Options Trading 101 Guide For Beginners

Despite being quite a popular hedging method, options trading for beginners can seem overwhelming at first. But once you understand the basics of options trading, then it can become quite easy; after all, these options are here to protect your portfolio.

Therefore, in our Options trading 101 guide, we’ll teach you how to start options trading with no experience.

How the options works?

Generally, options trading 101 is all about determining the likelihood of future price events. The higher the likelihood of something occurring, the more costly the option to profit from it will be. For example, call values go up as the underlying stocks go up.

On the other hand, the fewer days remaining to the call date, the lower the option’s value. And that is because the likelihood of a price move also reduces as we approach the deadline.

Remember, the time frame is a crucial factor for options. A year-long option’s value is way more expensive than a month-long option.

That’s because the likelihood of the price moving against or in favor of an option increases with time.

How to use simple fundamental and technical analysis strategies?

Most traders have always asked, “between fundamental analysis and technical analysis, which is better when trading options?” The answer is simple; most successful options trading strategies will require you to use both.

The fundamental analysis uses financial and micro-economic data to analyze the price movement. Fundamental analysis helps you determine a stock’s intrinsic value. And if it’s going against your underlying asset, you can purchase/sell an option to protect yourself against a certain occurrence.

But with technical analysis, you can find the price movement within a certain time frame. This will show you the duration of the option you need to purchase/sell. Combining these two analytical methods can guarantee better prediction.

How to Properly Create an Options Trade Plan to Minimize Your Risk

Before trading options, you need to understand the proper definition of leverage. Basically, you can control more shares at a lower price with options than buying the exact shares. Let’s elaborate on this fact in the following option trading example.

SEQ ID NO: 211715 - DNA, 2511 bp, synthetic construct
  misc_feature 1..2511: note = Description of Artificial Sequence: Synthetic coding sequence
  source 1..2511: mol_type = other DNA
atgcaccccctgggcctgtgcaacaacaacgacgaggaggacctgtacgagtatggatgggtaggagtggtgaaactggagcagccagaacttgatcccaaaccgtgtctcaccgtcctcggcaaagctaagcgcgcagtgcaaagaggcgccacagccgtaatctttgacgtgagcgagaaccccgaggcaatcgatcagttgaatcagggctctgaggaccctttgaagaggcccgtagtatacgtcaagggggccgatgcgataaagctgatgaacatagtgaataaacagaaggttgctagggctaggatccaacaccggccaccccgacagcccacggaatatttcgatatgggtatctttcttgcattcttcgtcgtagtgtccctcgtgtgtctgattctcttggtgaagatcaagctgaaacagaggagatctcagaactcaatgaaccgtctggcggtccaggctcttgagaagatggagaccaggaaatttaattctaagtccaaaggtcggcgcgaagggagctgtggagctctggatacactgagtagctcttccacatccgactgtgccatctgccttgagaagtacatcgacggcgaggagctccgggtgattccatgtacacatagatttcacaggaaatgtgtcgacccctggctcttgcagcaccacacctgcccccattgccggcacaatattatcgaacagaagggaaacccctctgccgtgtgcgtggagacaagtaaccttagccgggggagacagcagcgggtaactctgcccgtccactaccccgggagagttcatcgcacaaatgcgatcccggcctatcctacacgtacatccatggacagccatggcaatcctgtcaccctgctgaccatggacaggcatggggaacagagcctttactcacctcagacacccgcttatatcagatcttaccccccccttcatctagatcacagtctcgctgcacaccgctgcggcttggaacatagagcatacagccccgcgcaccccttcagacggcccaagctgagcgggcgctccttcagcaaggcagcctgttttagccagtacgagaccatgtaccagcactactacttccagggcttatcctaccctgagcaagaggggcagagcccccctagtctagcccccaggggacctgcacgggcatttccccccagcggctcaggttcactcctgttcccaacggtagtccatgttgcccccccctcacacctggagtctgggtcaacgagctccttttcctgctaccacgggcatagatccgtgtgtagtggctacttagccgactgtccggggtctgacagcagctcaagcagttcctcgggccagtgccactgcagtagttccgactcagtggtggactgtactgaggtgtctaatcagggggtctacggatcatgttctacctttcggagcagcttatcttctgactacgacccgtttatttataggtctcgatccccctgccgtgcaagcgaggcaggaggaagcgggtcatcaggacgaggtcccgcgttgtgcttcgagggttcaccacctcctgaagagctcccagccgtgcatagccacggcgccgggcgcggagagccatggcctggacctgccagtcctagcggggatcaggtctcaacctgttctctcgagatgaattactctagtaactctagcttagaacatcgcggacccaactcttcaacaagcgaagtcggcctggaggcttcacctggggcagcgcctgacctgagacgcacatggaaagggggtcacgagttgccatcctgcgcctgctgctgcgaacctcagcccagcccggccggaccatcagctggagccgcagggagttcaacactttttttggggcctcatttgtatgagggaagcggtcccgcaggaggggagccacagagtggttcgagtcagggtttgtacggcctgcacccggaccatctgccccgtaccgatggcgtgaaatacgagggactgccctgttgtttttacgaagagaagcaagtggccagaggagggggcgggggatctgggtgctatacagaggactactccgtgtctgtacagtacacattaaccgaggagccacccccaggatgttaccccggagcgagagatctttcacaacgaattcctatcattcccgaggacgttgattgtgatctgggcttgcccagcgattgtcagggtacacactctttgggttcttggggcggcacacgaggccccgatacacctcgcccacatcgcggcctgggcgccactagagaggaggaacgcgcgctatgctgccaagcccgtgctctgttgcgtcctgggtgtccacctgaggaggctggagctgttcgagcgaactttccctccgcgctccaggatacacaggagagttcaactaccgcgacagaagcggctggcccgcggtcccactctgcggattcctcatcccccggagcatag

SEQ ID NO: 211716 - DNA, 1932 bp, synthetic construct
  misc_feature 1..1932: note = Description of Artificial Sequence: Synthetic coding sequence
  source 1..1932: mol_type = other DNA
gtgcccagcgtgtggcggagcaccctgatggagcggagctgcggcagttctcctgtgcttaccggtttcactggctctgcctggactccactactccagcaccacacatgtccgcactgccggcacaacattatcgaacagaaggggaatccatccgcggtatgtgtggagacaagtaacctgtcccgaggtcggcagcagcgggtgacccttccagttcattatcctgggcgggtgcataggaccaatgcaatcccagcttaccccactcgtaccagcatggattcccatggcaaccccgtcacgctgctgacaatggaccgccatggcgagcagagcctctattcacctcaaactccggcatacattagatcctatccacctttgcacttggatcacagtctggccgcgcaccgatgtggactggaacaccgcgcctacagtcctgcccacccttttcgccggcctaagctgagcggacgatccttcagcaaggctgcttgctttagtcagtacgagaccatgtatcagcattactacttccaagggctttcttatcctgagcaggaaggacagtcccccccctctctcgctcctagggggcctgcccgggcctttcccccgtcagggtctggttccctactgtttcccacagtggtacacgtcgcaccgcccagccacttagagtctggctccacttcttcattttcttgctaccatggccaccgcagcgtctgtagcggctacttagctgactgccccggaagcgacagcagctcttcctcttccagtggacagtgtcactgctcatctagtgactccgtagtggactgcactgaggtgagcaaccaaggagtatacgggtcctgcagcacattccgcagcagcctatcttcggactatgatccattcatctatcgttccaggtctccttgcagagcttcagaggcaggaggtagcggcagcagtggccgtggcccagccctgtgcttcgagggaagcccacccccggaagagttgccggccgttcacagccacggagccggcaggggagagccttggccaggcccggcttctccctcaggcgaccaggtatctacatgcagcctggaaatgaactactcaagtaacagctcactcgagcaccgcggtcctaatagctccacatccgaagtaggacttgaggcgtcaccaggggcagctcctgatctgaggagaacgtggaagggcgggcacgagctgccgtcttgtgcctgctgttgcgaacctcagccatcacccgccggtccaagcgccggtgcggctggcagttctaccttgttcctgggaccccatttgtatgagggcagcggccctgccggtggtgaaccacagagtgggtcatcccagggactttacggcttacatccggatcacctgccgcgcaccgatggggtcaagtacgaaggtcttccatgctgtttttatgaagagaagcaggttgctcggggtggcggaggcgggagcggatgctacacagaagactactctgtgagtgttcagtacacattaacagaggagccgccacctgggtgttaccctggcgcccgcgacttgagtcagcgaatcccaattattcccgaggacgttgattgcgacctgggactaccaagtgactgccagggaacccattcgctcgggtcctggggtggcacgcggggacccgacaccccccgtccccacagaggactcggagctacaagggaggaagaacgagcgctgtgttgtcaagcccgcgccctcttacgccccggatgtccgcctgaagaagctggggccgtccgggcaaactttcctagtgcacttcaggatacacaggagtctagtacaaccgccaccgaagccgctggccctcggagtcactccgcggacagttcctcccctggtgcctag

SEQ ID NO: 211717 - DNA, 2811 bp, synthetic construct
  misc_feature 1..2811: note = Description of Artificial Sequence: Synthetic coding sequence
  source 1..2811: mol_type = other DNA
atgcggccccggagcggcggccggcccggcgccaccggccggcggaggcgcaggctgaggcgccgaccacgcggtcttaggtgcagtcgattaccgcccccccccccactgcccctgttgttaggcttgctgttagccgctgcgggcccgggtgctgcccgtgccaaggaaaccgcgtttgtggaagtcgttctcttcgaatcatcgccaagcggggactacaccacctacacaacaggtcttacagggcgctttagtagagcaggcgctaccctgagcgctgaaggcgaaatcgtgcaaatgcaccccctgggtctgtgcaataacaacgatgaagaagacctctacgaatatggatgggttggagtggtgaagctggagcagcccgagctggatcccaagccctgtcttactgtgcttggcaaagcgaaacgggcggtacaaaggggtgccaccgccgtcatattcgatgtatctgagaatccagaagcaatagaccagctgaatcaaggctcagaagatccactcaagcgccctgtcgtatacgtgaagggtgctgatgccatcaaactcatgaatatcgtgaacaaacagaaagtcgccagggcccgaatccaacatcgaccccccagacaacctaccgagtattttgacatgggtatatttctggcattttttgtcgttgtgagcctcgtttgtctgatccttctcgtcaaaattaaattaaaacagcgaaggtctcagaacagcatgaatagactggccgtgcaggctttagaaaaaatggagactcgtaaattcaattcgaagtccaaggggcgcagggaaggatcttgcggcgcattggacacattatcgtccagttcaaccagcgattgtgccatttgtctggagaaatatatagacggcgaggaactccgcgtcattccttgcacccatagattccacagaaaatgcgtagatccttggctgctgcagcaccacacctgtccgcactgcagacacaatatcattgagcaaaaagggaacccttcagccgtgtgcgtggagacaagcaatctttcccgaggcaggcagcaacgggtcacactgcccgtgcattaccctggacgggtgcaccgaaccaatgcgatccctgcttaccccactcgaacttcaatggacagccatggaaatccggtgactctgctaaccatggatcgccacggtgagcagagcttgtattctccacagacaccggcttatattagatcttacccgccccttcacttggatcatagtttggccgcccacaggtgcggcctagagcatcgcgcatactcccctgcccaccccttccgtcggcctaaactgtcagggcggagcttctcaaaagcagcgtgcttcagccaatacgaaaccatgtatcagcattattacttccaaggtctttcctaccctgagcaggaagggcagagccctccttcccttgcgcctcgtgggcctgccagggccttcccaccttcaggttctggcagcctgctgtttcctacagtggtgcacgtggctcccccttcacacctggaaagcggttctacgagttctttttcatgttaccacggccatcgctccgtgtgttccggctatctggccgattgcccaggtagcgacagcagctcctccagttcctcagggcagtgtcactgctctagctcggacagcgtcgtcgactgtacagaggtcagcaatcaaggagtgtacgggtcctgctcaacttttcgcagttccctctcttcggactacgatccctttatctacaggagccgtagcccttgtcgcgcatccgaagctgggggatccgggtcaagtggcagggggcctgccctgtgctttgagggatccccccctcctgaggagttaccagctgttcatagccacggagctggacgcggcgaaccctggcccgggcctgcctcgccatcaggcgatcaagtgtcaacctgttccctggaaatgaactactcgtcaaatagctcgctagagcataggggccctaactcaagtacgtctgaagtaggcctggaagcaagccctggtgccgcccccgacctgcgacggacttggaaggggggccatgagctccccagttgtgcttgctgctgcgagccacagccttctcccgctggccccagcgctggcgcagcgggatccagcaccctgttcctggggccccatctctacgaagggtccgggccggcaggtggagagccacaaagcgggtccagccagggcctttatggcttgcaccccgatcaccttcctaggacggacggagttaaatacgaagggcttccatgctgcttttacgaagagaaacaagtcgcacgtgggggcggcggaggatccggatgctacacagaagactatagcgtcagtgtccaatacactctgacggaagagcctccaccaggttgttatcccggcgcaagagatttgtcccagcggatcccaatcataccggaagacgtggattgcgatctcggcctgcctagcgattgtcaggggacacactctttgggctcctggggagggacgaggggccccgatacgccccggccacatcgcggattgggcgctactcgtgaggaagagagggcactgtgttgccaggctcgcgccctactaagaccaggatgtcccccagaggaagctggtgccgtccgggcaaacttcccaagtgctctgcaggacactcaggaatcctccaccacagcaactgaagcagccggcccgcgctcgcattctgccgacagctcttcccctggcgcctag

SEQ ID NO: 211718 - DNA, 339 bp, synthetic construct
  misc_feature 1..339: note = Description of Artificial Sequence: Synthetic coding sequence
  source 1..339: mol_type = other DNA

If you spend $100,000 on a $500 stock, you’ll have 200 shares. But you can also purchase 2 call option contracts at a lower price and control the same amount of shares. The number of options will be determined by the total shares that would have been purchased.

Let’s say you want to purchase 1,000 shares of a certain firm at $41; you’ll spend $41,000. But instead of going for the stocks, you can get 10 call options at $1,600 per contract and spend $16,000. Going for options will leave you with $25,000.

Control Your Emotions

Generally, most call and put options examples will leave you with cash to spend on other stock. But you must control your emotions. Remember, the price can go against you and end up dropping below your strike price.

Instead of being emotional, you should follow the facts and your technical and fundamental analysis.

How You Can Start Options Trading With No Market Experience

Anyone can open a brokerage account, but for you to open an options trading account, you’ll need to prove that you know what you’re doing. Remember, option trading accounts require huge capital, so they’ll need to know that you know what you’re doing.

After getting an account, you can pick which options to trade. You can use all the necessary indicators to determine the strike price and time frame.

If you know all the options trading requirements, which include the meaning of call and put options, then you will succeed. But when using it as leverage, you should control your emotions.

Learn How to Read the Chart Patterns

Generally, there are several patterns that every trader has to watch out for when analyzing a chart. These patterns can help you determine the market’s trend and when to enter or exit a position. Harmonic patterns can warn you of a short-term effect on the market that can affect your existing trades.

They will show you when to use an option to leverage your position. After all, options trading 101 is more about predicting the future of a trade and then determining the time frame and strike price.


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